Adam Handler


Ms. Dyu

Ascaso Gallery is pleased to announce Reviver, a solo exhibition of work by Los Angeles artist Andrew Hem, opening June 30th. Known for his unearthly color aesthetic and a singular approach to portraiture, Hem weaves emotional narratives around figures inhabiting breathtaking landscapes and twilight cityscapes, employing these settings to convey states such as wonder, resilience and interconnectedness, and on the other hand, guilt, turmoil and alienation. This body of work is a reflection on Hem’s transition into fatherhood, and the conflicts and traumas he experienced in his youth that he hopes to avert in his son’s future. In Hem’s work, levitation represents changing the path, choosing a different direction from the one society expects of us, and reflections — mirrored in the water, shimmering on shiny fabric, gleaming on wet pavement — suggest that everything that happens around us has an influence on us that can resonate onto future generations, unless we consciously sidestep the mistakes of history. Reflections also give hints about the figure’s inner life — one pair of mirrored figures has only a single reflection, another reflection meets your eye while its source remains introspective, and a third subject throws a distorted reflection, implying inner demons. Growing up in a tough neighborhood where he and his family were the only Asians, Hem remembers feeling an overwhelming sense of isolation as a child. Since the only representation of people like himself he saw in popular culture was in anime and martial arts films, he embraces those aesthetics, but re-envisions them as an inclusive milieu where men of all races are seen as creative, thoughtful and vulnerable, and women are described not as passive aesthetic objects, but as wonderers, adventurers and warriors. Mindful that his own son never experiences that cultural isolation, Hem continually strives in his work to conjure a world that doesn’t yet exist, where no one is an outcast and everyone, no matter how different they are, is accepted. Amanda Erlanson, Art Essayist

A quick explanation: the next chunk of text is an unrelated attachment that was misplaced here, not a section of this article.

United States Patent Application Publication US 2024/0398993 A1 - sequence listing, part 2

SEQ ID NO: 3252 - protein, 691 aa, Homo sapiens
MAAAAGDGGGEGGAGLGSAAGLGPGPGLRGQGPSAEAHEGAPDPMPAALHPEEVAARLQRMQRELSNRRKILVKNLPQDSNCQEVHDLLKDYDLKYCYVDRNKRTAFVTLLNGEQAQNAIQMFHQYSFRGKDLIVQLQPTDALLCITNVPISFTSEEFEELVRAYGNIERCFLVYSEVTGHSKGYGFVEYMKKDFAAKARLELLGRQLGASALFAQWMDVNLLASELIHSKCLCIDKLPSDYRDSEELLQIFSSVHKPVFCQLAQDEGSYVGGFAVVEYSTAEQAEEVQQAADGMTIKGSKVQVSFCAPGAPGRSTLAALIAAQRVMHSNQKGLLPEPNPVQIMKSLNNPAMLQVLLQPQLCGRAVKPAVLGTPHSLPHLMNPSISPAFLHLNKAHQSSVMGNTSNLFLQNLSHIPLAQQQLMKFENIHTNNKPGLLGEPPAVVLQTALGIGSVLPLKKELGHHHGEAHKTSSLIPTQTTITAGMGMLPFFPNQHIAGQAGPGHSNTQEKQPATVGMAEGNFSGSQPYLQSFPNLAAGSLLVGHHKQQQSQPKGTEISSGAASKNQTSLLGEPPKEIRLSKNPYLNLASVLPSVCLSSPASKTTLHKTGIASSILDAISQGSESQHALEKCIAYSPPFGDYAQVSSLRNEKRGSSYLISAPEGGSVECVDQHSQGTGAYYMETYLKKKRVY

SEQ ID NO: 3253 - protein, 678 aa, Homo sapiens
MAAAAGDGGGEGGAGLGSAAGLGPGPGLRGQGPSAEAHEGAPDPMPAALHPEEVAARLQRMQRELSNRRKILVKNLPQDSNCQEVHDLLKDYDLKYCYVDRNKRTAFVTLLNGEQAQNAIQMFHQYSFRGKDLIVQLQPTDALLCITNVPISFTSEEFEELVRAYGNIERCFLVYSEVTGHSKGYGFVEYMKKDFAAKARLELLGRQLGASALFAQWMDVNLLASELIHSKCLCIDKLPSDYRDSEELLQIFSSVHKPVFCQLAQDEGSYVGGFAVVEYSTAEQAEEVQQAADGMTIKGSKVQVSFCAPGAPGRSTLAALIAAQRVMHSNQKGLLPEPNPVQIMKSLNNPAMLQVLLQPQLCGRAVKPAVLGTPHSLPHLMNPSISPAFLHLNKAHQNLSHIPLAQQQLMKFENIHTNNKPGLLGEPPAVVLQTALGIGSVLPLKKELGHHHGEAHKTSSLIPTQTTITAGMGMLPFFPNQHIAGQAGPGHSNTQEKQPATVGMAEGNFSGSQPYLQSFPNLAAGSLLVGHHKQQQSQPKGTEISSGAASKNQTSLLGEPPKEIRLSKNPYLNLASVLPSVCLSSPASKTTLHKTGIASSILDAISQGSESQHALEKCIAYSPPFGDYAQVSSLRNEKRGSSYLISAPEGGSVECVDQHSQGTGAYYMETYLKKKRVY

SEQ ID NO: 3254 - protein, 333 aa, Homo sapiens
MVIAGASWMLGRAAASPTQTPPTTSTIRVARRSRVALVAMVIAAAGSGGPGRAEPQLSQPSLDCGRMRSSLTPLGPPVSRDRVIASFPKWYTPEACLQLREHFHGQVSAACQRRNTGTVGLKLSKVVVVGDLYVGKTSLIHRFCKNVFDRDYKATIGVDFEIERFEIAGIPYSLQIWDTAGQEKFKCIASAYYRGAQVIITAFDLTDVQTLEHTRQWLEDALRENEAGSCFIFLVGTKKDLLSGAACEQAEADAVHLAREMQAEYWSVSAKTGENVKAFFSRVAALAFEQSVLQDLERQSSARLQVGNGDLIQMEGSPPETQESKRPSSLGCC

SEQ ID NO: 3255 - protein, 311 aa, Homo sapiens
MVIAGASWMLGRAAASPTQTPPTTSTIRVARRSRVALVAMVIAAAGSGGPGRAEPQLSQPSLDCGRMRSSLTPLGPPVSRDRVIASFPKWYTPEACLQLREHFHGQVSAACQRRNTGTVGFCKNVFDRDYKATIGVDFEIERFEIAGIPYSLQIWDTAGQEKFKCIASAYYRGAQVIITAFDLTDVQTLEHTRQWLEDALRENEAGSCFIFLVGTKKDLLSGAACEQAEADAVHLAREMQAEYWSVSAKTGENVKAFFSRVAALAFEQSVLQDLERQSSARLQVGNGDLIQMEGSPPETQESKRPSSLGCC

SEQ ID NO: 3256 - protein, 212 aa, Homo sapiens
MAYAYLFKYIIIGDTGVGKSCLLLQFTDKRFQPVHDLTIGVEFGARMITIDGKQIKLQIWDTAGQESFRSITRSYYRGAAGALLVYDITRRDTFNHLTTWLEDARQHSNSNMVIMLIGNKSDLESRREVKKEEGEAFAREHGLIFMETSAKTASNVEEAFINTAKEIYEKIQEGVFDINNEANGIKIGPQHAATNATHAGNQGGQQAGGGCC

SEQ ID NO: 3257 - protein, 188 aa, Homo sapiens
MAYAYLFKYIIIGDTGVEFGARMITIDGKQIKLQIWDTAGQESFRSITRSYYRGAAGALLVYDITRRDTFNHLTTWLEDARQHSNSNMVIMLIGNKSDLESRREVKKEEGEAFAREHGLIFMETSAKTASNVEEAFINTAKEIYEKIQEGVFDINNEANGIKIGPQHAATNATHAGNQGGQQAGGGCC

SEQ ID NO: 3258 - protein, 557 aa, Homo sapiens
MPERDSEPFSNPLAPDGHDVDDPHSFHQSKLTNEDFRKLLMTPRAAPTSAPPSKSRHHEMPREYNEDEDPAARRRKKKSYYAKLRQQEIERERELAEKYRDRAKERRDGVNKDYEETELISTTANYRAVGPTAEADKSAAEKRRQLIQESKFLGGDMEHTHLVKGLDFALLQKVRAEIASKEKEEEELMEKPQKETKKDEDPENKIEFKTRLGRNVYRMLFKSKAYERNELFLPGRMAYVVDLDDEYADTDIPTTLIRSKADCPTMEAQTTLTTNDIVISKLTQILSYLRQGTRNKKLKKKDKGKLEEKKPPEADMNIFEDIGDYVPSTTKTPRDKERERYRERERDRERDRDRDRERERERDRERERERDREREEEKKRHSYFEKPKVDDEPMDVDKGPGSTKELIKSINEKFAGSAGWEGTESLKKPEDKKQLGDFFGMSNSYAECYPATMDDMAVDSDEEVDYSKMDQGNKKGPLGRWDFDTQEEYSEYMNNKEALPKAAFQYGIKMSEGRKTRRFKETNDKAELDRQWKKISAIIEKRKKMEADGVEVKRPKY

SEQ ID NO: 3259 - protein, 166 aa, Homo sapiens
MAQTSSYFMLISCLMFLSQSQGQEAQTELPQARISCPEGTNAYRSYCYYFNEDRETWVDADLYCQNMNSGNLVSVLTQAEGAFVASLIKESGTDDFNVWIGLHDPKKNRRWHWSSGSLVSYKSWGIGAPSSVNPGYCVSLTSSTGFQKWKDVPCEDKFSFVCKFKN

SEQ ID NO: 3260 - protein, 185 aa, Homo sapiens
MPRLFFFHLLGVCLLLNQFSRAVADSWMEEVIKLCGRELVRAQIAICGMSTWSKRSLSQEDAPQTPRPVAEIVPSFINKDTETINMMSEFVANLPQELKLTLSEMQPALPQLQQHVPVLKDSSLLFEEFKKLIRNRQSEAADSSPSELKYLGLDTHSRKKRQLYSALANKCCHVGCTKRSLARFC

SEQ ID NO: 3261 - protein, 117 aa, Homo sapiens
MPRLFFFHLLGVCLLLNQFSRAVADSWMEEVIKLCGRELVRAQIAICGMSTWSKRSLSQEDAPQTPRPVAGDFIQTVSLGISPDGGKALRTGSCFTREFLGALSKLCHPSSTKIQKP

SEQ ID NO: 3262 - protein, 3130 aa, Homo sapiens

About the Artist: